Matt Scott, Edinburgh Rugby’s 22-year-old centre signing, is living proof that you can have it all – if you’re prepared to work for it. Contracted to Edinburgh at the end of the third year of his law degree, Matt juggled training and tours with the pressures of writing a dissertation, and graduated this summer on the same day he returned from a tour of Australia, Fiji and Samoa with the Scottish national team. Here Matt shares the blood, sweat and tears that went into leading his double life.
How did you get into rugby in the first place?
I started playing mini rugby around the age of 6, at my local club, Currie. My dad took me down there, and I stuck with Currie all the way up through the age groups, and got into professional rugby through that.
How tricky was it to manage your training with your law degree?
It was hard. In the first year of my law degree I was playing for Scotland Under-19s, then the following year I was playing for Scotland Under-20s and we were away for weeks at a time, so I was missing weeks of lectures. My lecturers were saying to me, “Look, your work is suffering as a result, maybe take a step back from the rugby”, but I was determined to do both at the same time.
I was offered a contract in Glasgow at the end of my second year, but I turned it down, because it just wasn’t practical at all. At the end of third year I got offered an Edinburgh contract, so it actually worked out okay, and in fourth year I was able to study and play at the same time. It was hard, because we train until about 4pm every day, and then you have to catch up with uni in the library. It was pretty bleak, but it was worth it.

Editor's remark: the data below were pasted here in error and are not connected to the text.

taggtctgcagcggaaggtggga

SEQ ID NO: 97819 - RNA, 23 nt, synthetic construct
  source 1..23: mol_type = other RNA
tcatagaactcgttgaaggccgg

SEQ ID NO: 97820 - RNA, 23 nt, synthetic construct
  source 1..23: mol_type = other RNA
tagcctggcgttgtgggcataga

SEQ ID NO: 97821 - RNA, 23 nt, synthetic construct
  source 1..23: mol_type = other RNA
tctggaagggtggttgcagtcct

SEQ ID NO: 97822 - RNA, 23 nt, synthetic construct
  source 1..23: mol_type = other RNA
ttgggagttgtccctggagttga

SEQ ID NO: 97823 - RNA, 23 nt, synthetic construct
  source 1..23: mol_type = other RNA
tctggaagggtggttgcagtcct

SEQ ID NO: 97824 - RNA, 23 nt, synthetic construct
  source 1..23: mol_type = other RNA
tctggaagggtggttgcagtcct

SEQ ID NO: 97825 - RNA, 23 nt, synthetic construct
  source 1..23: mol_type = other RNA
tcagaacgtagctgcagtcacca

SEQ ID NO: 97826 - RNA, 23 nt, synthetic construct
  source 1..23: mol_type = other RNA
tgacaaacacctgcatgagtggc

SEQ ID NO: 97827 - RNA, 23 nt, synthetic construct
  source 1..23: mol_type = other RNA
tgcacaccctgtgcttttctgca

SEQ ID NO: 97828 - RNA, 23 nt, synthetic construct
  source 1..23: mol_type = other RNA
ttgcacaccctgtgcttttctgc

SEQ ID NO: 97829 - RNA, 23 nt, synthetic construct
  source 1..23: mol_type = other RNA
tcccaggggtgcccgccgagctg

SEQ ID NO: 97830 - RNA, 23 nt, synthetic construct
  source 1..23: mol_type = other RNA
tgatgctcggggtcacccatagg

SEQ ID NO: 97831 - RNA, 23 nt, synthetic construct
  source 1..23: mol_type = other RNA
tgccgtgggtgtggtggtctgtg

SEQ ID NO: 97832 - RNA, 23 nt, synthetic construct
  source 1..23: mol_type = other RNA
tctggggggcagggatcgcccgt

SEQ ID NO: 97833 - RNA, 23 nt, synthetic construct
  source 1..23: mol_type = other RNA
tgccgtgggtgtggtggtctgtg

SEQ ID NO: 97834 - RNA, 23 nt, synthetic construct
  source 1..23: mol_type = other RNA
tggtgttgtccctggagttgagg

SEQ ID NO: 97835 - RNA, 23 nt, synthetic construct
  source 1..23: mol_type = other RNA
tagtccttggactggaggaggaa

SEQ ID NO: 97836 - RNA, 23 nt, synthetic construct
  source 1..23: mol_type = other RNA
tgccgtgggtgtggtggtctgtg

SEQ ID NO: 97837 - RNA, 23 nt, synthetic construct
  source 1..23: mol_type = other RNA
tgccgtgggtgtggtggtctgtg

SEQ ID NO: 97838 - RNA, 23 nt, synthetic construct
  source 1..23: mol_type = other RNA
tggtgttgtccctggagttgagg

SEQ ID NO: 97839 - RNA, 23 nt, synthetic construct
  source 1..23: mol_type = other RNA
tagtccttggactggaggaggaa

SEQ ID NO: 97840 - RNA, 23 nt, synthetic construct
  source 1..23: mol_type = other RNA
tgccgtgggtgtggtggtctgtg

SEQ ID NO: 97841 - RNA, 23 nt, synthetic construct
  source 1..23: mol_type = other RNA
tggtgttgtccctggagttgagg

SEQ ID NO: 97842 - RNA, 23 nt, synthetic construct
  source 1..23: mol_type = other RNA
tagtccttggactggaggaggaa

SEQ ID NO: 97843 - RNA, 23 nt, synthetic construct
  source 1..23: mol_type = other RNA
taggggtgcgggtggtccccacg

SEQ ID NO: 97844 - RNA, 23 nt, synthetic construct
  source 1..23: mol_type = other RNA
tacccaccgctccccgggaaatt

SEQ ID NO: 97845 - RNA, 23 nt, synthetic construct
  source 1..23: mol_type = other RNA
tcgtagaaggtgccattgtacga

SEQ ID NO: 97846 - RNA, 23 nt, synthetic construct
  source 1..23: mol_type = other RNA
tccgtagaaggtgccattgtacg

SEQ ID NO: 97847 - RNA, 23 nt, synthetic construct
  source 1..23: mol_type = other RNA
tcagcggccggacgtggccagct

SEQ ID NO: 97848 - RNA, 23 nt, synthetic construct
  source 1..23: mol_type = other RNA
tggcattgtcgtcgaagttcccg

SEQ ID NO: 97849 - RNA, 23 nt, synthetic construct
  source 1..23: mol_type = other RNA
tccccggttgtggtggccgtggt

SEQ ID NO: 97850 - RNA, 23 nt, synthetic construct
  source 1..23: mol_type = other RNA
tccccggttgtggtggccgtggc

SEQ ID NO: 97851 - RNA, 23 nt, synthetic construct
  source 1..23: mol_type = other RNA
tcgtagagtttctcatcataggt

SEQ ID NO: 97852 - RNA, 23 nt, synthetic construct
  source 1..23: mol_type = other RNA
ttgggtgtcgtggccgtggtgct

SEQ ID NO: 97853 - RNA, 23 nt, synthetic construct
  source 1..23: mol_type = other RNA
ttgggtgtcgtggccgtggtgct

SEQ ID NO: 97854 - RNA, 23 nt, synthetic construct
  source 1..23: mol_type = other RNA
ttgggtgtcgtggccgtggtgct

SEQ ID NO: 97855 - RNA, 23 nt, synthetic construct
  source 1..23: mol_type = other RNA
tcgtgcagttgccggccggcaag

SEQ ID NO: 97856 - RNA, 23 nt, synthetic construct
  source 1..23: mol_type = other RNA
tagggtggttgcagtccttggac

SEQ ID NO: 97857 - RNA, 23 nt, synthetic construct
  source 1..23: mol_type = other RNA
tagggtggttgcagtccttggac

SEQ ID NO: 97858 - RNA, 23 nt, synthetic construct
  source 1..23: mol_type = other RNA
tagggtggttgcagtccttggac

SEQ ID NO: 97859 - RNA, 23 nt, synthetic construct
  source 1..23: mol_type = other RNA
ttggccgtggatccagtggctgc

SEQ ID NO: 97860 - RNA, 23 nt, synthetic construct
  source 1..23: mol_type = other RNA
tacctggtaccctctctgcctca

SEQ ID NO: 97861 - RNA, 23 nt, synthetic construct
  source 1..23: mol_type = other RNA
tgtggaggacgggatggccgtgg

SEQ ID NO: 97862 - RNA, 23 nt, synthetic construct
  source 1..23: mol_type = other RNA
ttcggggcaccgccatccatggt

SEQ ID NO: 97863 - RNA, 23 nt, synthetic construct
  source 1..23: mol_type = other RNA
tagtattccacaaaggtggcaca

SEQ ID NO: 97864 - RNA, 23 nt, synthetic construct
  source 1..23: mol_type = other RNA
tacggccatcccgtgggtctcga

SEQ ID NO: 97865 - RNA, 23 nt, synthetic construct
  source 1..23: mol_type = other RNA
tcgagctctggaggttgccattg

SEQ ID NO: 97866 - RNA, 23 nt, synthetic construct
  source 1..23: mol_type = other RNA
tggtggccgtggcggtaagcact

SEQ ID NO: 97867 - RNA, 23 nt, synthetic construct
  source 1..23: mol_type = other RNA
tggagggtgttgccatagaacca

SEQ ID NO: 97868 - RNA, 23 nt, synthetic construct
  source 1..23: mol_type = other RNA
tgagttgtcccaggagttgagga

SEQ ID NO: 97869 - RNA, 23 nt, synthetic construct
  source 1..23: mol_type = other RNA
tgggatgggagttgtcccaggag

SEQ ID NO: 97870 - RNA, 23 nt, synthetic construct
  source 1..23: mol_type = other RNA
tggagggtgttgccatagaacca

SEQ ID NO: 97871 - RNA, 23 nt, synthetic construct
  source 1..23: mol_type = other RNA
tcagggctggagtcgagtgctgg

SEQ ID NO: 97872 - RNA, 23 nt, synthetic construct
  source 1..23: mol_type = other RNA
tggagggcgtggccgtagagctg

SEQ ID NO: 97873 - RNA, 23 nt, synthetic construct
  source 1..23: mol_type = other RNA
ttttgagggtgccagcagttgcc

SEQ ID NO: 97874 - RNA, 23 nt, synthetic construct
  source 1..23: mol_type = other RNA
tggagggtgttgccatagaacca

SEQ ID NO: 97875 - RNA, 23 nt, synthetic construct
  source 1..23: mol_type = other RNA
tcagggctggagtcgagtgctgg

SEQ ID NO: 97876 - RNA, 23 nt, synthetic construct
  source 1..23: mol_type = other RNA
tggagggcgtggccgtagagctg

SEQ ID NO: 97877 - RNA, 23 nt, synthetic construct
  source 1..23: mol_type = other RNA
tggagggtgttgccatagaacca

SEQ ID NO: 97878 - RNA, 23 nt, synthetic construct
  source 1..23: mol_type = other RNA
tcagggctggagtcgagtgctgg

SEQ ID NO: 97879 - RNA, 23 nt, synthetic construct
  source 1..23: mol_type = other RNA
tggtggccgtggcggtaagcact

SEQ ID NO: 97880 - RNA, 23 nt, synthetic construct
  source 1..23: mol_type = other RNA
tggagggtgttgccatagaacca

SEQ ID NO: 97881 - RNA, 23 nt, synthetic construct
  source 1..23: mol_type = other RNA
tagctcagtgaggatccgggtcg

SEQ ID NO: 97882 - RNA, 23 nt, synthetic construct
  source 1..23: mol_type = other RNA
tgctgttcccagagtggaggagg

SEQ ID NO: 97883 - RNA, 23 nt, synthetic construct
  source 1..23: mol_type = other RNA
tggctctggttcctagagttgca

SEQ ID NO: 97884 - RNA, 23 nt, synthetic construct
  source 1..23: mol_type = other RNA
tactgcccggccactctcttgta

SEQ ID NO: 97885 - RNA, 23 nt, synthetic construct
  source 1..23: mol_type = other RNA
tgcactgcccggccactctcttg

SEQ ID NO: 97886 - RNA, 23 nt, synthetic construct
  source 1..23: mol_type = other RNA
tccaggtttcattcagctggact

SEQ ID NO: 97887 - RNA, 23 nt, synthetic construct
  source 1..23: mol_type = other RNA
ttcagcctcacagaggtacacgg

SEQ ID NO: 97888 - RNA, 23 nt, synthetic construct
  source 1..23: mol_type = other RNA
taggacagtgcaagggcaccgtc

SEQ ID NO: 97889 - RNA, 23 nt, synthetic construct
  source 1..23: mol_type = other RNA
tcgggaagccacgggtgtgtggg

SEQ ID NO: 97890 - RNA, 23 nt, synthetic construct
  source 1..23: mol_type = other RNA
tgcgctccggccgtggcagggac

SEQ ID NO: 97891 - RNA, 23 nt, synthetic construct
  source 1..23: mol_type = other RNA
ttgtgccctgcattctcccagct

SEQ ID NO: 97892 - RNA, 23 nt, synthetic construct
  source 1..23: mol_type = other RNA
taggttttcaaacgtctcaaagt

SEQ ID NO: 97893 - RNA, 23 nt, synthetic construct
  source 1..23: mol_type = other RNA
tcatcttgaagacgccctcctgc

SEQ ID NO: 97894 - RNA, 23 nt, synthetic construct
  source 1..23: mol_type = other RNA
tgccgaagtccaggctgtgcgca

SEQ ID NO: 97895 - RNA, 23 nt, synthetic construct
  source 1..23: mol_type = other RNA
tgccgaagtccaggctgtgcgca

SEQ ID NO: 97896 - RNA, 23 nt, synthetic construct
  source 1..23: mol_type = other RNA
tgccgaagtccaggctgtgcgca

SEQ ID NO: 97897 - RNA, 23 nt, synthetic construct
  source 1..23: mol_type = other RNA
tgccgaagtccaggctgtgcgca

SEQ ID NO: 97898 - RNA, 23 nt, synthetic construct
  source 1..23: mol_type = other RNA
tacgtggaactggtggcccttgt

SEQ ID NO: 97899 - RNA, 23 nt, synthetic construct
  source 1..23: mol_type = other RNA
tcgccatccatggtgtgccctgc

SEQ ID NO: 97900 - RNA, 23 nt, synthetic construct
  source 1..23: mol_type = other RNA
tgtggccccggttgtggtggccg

Did you ever worry that you had made the wrong decision by turning down that Glasgow contract?
I was pretty confident that if I kept playing well I could get an Edinburgh contract, but it was a tough decision to make, and my heart was definitely telling me to take the contract. However, you can’t be a rugby player forever, so it would have been stupid to end my degree halfway through.
What is the lifespan of a professional rugby player?
Nowadays a lot of guys are getting brought into the pro game quite early, at the age of about 18, and they get put into academy systems. For those guys they’re straight into rugby after school,and if you’re a good player you could be expected to play into your early 30s, but there’s not many people playing at a high level beyond 34. It’s especially tough if you haven’t had a chance to go to uni. There are support mechanisms through rugby though, where you can do part- time degrees, and the Scottish Rugby Union will pay half your fees if you want to do that.
How did it feel to be selected for the Scottish national team last year?
It was incredible; I was still a student, but I was away on 6 Nations and trying to do my dissertation at the same time, and I don’t think I quite grasped the enormity of it until afterwards. I probably didn’t get it until this summer, when I went on tour to Australia, Fiji and Samoa, and then I got a holiday after that and it all sunk in.
What has been your career highlight so far?
I mean first cap is always special, but a really good one was when we beat Australia on that tour, and it was only my second capping. I think it was the first time we had beaten them out there in 28 years. It was the last kick of the game and just such an amazing feeling.